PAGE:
Word of the Week: Quine

In computing, quine is a program that produces its complete source code as its only output. For amusement, programmers sometimes attempt to develop the shortest possible quine in any given programming language.

Note that authoring the program to seek out and read its own source file to print is considered cheating.

Quines are named after philosopher Willard Van Orman Quine (1908–2000), who made an extensive study of indirect self-reference. He coined, among others, the following paradox-producing expression, known as Quine’s paradox: “‘Yields falsehood when preceded by its quotation’ yields falsehood when preceded by its quotation.”

Here’s one example of a quine in BASIC:

10 LIST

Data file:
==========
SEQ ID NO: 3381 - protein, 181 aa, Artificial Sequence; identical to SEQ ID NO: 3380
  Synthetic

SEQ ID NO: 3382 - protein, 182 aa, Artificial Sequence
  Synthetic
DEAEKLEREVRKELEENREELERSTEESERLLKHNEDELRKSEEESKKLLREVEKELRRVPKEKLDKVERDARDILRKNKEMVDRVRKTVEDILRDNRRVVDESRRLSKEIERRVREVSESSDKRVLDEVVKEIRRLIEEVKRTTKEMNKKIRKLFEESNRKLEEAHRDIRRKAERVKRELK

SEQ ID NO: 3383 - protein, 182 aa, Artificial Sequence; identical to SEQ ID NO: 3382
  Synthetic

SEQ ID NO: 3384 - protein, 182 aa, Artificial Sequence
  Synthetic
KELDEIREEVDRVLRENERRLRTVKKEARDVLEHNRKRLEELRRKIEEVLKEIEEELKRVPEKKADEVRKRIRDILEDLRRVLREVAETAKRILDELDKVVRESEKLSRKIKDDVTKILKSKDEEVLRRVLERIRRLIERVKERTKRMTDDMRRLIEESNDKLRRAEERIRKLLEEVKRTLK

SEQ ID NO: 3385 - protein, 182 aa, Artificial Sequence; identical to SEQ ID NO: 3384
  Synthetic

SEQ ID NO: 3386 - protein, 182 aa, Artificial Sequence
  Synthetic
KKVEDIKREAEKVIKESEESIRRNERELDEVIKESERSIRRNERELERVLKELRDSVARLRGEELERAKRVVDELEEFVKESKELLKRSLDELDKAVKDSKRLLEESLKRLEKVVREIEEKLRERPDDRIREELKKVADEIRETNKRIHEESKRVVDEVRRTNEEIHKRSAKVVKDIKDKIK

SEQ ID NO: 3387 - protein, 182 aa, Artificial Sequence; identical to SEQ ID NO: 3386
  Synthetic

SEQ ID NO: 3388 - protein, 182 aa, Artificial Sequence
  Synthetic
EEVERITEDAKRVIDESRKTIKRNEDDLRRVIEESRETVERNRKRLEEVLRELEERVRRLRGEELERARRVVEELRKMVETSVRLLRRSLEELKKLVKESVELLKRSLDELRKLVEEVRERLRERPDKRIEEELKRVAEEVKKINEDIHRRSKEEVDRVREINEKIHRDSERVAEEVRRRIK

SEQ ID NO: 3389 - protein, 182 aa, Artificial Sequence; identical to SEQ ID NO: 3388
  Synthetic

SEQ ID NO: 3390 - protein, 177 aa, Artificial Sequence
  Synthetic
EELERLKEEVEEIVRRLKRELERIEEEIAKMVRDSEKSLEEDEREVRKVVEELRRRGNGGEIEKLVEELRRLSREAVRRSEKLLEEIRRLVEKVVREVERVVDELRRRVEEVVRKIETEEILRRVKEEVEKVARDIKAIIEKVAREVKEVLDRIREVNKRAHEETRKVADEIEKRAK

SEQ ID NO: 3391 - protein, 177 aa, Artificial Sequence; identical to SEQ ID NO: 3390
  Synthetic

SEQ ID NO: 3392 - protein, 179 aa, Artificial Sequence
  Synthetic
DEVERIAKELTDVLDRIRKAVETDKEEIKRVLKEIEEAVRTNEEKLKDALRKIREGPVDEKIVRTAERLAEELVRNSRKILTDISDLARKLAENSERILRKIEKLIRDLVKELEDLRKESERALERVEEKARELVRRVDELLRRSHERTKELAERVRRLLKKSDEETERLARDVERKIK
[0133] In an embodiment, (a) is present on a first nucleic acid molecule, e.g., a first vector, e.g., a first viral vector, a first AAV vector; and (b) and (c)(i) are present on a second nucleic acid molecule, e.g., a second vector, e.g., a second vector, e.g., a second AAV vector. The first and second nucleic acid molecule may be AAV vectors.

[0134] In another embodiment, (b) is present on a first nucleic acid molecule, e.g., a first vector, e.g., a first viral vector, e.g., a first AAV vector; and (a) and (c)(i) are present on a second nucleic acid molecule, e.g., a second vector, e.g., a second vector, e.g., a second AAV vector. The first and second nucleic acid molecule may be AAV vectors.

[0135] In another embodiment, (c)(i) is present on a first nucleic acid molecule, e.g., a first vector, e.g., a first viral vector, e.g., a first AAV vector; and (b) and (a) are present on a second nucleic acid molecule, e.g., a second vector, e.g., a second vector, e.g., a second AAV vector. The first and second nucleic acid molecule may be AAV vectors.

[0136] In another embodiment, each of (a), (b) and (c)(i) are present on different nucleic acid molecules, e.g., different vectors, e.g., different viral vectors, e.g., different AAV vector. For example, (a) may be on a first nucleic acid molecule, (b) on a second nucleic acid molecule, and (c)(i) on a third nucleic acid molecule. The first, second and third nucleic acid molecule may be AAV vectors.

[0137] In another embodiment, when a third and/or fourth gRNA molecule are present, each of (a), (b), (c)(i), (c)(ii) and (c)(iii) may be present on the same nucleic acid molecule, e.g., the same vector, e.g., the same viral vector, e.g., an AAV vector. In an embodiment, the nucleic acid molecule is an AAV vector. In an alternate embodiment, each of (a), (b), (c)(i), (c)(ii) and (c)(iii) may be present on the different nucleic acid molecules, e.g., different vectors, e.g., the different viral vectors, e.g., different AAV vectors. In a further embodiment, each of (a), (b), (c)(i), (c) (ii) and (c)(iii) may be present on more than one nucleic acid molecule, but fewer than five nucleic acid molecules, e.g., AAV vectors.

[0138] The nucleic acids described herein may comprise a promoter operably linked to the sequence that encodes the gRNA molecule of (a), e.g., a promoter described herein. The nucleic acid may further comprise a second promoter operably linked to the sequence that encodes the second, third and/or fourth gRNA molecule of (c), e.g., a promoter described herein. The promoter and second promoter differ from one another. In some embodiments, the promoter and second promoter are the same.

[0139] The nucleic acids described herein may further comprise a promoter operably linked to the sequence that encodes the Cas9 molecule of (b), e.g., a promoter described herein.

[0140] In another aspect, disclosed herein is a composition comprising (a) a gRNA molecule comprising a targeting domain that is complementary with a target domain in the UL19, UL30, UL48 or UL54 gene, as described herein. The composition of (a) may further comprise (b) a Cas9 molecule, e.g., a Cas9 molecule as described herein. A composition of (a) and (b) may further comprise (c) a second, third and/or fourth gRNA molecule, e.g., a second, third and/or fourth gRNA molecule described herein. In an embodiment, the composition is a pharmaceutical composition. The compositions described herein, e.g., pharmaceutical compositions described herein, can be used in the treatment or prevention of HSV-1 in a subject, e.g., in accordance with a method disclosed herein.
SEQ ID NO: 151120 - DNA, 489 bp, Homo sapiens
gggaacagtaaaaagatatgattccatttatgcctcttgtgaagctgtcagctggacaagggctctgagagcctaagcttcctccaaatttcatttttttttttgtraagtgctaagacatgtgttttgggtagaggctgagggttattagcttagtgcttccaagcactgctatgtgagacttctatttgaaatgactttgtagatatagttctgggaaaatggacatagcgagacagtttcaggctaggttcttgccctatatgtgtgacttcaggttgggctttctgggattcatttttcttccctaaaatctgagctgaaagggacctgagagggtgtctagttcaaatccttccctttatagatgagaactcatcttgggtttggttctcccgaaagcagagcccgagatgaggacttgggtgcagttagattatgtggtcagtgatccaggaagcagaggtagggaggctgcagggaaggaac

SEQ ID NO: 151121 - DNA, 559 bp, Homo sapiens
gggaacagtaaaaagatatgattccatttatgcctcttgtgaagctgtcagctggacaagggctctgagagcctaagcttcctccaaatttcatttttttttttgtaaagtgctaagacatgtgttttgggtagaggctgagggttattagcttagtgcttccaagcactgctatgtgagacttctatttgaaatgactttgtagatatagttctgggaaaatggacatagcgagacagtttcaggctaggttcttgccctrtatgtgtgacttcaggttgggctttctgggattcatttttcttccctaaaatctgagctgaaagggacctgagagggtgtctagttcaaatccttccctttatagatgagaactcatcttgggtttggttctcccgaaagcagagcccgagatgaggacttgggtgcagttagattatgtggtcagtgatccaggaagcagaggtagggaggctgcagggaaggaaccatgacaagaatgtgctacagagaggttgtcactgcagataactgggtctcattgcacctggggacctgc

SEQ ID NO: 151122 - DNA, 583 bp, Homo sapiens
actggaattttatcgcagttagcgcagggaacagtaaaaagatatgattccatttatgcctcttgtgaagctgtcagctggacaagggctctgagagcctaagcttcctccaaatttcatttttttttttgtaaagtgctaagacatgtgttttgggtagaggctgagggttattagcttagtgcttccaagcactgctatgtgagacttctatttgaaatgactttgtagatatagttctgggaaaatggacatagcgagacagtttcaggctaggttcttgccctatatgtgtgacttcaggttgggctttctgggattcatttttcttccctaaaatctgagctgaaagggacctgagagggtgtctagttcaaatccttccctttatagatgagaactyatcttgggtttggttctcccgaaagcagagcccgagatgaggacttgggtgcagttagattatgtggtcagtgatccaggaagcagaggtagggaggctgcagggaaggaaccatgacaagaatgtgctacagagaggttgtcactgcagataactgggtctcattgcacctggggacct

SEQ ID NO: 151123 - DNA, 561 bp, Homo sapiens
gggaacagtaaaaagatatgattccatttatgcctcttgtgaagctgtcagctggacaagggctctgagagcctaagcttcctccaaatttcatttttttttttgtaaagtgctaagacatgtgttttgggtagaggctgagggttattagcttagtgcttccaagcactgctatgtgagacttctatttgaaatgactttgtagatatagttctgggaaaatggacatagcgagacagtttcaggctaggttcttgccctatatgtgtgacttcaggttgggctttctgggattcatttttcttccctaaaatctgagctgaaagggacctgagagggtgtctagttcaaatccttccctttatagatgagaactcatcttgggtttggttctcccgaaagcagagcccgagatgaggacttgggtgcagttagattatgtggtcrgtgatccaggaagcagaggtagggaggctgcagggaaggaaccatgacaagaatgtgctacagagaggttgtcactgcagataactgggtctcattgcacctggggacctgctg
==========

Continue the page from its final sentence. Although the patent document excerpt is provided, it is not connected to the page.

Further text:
I found many samples of quines in many programming languages from Gary Thompson’s site, include everything from Ada, Assembly, BASIC, LISP, Javascript, Logo, Perl, Python, Smalltalk and many, many more. Though it appears he’s looking for samples in some of the more, ahem, ‘classic’ languages like COBOL, and others.

References:

- David Madore’s personal collection and tribute page to quines.
- The quine entry of the FOLDOC

About Andy

I'm an eternal optimist, follow a Buddhist philosophy, geek of many areas, practicing yoga and TaiChi, learning the Chinese language, a die-hard sports fan, love politics and nuclear submarines.
Computers, Word Geek

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